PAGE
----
What are the qualities of a master shinobi? Is the title given for his/her skill in applications of physical techniques i.e. strikes, grappling, and joint locks? Is mastery of ninjutsu conferred in accord with one’s rank or accomplishments during times of conflict? Does a master shinobi own a dojo? What really defines a ninjutsu master?
Holding to the content of manuals on the art, those who ask these kinds of questions will be disappointed to find that a “shinobi” who is skilled, and known for his skill, would be considered by Fujibayashi Yasutake’s standards as a very mediocre ninja if a ninja at all. And so, one cannot expect to access the more recondite knowledge of ninjutsu through these sorts of people if indeed they teach any piece of the art.
The supreme quality that defines a master shinobi is to be spoken of in terms of absolute anonymity respecting profession, accomplishments, and skill. A master shinobi is thought to have been so secretive concerning his affiliation with ninjutsu that his family members and close friends had no idea he even had the skills (this anonymity beckons relation to intelligence operations of an ancient and modern context).
Indeed, the Bansenshukai gives the admonition that the aspiring shinobi should never reveal the extent of his skills even to his closest relations, for the vicissitudes of the turbulent times were such that an ally could spontaneously flip relations and become an enemy. And so according to Fujibayashi, one cannot tell a master shinobi apart from a regular citizen or an average warrior.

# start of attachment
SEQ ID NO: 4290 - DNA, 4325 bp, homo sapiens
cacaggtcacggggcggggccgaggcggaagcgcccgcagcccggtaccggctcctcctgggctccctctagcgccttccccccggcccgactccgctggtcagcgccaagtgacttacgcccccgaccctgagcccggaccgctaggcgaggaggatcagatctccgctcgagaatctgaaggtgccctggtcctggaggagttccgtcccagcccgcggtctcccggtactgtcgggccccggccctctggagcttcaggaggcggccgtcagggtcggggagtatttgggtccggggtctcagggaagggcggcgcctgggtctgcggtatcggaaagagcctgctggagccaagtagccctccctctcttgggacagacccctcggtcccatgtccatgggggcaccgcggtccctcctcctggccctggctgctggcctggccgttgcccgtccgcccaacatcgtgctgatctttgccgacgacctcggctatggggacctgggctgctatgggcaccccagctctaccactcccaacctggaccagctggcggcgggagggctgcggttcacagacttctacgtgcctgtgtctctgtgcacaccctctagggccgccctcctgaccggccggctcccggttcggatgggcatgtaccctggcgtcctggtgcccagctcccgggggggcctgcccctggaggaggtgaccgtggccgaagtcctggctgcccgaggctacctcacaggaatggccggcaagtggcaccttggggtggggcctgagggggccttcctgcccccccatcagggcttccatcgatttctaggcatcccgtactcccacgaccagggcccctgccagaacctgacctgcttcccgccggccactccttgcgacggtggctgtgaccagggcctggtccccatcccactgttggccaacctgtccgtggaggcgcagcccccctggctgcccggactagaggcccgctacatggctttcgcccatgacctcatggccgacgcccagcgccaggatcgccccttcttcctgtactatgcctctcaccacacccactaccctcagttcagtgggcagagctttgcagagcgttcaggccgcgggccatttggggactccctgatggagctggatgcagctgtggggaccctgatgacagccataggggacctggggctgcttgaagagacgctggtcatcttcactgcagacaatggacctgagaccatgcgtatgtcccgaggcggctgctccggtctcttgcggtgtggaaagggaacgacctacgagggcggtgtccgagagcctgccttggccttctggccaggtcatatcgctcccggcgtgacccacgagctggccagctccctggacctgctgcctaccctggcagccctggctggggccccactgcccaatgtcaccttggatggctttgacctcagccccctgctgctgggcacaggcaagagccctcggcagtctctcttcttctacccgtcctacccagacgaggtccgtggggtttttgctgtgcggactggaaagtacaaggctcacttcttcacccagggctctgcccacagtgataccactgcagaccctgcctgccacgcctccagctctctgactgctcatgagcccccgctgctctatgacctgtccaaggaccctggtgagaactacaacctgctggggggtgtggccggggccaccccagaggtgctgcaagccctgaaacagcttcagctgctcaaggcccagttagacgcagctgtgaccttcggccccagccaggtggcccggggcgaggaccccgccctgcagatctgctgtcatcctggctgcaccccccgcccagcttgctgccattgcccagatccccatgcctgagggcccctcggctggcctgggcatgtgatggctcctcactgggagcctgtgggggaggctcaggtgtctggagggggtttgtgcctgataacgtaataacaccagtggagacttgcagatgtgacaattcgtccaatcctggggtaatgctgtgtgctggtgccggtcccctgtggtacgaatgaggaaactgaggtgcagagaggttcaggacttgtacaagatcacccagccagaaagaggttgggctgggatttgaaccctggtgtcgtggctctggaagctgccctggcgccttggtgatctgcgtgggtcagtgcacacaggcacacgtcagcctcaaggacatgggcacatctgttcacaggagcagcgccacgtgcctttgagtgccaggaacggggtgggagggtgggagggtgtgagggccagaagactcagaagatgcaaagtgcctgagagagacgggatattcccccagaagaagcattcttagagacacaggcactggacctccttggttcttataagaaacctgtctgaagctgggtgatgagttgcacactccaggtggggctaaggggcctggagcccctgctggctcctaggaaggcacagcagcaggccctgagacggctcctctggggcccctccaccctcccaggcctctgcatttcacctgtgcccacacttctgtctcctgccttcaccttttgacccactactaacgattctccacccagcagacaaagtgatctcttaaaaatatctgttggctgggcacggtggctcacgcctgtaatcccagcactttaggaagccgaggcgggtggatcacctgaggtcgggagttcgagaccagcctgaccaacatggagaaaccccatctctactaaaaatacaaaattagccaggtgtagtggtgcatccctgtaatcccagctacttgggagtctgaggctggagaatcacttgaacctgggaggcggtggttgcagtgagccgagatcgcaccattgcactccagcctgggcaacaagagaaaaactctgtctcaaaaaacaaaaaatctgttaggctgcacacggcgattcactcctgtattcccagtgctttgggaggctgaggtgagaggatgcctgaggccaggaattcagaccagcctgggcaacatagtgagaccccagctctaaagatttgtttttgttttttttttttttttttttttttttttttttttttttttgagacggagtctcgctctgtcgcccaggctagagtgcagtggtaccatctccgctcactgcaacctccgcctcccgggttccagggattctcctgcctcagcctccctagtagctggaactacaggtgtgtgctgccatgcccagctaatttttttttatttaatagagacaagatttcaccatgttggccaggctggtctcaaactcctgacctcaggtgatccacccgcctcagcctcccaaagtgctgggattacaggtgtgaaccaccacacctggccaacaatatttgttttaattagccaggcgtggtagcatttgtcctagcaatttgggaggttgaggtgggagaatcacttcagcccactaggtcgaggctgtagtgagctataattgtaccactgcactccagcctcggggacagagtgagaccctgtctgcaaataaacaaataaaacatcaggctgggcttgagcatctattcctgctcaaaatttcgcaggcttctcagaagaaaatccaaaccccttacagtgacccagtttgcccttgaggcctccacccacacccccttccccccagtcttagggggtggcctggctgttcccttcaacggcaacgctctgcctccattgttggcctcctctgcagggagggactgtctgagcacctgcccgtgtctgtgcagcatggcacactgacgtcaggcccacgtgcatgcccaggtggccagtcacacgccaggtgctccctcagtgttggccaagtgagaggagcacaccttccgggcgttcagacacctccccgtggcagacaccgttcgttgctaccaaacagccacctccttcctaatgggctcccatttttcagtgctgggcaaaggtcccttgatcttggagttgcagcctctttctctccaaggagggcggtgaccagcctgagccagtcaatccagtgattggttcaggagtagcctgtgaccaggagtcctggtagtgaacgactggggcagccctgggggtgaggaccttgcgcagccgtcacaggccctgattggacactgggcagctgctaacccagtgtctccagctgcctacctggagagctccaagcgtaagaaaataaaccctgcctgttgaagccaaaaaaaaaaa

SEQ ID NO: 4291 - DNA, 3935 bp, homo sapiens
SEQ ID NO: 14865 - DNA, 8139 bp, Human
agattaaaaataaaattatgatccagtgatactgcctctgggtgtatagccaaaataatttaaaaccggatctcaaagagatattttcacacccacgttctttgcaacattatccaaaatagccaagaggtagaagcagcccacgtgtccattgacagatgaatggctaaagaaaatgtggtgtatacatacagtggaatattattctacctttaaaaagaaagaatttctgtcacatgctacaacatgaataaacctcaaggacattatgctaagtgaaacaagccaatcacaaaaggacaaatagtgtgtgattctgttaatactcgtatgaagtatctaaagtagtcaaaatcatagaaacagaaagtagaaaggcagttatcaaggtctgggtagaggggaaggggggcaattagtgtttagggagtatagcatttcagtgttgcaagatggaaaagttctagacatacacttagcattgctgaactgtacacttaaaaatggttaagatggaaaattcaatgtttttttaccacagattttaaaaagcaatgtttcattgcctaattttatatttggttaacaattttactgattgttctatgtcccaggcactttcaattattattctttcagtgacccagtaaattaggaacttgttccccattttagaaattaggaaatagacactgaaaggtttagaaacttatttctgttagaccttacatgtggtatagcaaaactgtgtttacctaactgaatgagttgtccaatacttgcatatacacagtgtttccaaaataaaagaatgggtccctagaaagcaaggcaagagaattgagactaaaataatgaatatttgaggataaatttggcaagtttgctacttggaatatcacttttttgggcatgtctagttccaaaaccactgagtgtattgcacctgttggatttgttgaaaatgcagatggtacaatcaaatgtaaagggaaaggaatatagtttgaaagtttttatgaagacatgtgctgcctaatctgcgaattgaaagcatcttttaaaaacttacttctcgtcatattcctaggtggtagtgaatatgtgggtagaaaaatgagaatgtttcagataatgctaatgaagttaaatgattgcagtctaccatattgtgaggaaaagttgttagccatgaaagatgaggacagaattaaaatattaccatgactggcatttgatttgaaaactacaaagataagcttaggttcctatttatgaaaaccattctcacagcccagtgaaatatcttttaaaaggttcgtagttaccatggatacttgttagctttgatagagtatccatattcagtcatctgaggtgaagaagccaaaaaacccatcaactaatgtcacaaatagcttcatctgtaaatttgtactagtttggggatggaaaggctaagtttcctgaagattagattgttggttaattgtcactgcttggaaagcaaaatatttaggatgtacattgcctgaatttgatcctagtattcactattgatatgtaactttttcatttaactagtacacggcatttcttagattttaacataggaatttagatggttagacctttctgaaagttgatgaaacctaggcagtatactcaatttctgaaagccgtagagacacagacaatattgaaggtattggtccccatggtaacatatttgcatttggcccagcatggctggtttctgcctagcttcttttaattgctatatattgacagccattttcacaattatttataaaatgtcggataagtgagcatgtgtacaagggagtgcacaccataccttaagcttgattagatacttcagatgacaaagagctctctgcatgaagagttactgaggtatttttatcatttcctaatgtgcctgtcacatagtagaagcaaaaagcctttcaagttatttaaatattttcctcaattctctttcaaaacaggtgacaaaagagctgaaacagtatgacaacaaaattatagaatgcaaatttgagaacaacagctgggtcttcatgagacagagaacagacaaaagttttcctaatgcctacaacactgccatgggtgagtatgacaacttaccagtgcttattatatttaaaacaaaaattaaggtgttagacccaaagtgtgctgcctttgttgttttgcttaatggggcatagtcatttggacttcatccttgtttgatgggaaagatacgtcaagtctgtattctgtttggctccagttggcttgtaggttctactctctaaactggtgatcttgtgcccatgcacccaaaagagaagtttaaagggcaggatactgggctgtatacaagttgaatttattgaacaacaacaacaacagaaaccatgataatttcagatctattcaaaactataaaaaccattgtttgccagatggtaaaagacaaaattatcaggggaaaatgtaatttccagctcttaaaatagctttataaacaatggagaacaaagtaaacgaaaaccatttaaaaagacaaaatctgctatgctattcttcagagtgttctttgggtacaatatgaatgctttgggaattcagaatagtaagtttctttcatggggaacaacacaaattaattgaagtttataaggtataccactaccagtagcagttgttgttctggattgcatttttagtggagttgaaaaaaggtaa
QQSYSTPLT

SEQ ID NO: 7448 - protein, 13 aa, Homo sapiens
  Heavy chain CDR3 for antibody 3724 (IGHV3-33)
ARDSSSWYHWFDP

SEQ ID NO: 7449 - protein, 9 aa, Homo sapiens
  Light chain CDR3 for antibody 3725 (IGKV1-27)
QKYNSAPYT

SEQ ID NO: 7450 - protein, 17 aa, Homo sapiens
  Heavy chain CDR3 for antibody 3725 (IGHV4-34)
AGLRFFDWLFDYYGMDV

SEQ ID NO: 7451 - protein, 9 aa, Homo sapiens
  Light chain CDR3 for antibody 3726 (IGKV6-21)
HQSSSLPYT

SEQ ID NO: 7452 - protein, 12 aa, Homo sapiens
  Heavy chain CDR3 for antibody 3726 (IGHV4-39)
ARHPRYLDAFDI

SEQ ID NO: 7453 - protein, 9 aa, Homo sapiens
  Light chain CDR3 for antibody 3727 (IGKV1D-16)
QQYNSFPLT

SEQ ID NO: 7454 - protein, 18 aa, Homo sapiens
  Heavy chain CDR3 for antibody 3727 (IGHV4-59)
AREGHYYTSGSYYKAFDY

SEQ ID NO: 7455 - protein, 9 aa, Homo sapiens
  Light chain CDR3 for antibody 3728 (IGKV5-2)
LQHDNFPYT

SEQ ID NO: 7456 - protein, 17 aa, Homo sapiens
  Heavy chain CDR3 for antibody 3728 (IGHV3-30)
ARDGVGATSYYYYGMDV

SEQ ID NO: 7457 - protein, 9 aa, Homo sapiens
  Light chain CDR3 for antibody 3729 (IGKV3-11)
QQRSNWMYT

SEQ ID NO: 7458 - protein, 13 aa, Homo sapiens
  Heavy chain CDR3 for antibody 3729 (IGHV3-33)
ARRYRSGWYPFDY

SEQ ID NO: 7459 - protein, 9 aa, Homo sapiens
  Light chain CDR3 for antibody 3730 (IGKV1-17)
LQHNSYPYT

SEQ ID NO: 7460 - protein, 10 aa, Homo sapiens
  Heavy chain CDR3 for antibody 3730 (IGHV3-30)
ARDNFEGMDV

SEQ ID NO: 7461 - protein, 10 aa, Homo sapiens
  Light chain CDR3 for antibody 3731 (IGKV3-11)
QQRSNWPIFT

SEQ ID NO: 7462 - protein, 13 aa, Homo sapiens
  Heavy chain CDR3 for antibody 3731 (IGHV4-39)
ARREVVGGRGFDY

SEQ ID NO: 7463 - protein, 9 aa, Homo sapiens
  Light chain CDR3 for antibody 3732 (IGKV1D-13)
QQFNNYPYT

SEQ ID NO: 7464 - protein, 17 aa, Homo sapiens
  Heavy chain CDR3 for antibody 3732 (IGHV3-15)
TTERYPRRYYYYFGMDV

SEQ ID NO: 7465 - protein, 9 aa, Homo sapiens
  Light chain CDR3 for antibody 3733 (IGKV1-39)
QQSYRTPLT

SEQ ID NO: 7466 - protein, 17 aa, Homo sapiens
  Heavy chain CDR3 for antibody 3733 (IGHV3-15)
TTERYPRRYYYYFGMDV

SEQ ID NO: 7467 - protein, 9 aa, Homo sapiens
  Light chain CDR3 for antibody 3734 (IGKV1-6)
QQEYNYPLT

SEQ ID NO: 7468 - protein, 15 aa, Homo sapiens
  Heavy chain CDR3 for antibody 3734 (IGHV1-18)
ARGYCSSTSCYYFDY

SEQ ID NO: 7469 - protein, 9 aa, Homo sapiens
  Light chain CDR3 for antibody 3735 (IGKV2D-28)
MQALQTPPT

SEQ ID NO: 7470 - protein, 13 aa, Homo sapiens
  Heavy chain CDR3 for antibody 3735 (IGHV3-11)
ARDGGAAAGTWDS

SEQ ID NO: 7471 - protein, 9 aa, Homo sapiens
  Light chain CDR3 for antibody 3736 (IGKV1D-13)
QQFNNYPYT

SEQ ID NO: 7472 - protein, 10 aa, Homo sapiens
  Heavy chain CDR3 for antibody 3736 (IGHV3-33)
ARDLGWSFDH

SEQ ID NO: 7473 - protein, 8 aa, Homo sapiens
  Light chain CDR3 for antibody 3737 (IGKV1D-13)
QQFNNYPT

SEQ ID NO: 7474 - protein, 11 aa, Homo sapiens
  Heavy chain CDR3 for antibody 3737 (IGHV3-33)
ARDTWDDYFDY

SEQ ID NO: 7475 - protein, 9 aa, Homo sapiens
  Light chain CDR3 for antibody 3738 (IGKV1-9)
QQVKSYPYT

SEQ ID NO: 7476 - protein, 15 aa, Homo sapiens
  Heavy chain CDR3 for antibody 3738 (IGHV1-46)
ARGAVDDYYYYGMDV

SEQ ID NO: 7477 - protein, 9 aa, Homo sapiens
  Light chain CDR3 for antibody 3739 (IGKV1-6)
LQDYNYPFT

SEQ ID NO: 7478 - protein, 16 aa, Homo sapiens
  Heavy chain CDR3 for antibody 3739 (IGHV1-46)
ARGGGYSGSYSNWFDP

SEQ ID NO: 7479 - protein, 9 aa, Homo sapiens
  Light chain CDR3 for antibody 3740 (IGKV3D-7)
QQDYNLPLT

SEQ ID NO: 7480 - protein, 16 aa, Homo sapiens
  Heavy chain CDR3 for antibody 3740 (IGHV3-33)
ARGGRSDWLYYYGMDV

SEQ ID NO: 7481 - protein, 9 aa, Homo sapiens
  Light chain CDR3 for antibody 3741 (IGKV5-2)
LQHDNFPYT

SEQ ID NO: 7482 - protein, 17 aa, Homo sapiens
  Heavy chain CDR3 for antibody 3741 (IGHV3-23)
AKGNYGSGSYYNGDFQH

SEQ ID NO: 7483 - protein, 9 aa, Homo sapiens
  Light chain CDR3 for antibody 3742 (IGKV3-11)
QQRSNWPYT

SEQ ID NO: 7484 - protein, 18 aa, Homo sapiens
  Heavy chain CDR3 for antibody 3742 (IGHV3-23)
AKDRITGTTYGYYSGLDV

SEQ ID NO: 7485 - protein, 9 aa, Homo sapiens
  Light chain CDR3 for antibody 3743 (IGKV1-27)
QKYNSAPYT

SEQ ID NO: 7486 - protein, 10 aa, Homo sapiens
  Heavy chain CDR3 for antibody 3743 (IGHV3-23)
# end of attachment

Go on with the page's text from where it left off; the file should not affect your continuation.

If one happened to come across a true master of ninjutsu, he would seem average, “stupid”8, and have nothing to display that would offer the presupposition that he is indeed a ninjutsu adept. This shinobi will not seek recognition for his skill. He will not boast or even casually speak of his accomplishments, and furthermore there will be nothing at all which would allude to his capabilities within the realm of ninjutsu. If his capabilities are called to action against his enemies, they will produce effects that are completely indistinguishable from (one might even say camouflaged by) the cycles of nature.
Consequently, a master shinobi will not make monetary solicitations in exchange for knowledge of his skills. A master shinobi will not publicly open a ninjutsu dojo for the common citizen. A master shinobi will not refer to himself as a master. And a master shinobi will not enter into a competitive match while stylizing his physical techniques as “ninjutsu”.
What Fujibayashi claims has major implications for the “ninjutsu” dojo industry. By his words, any acclaimed “master” of ninjutsu is automatically disqualified from the title.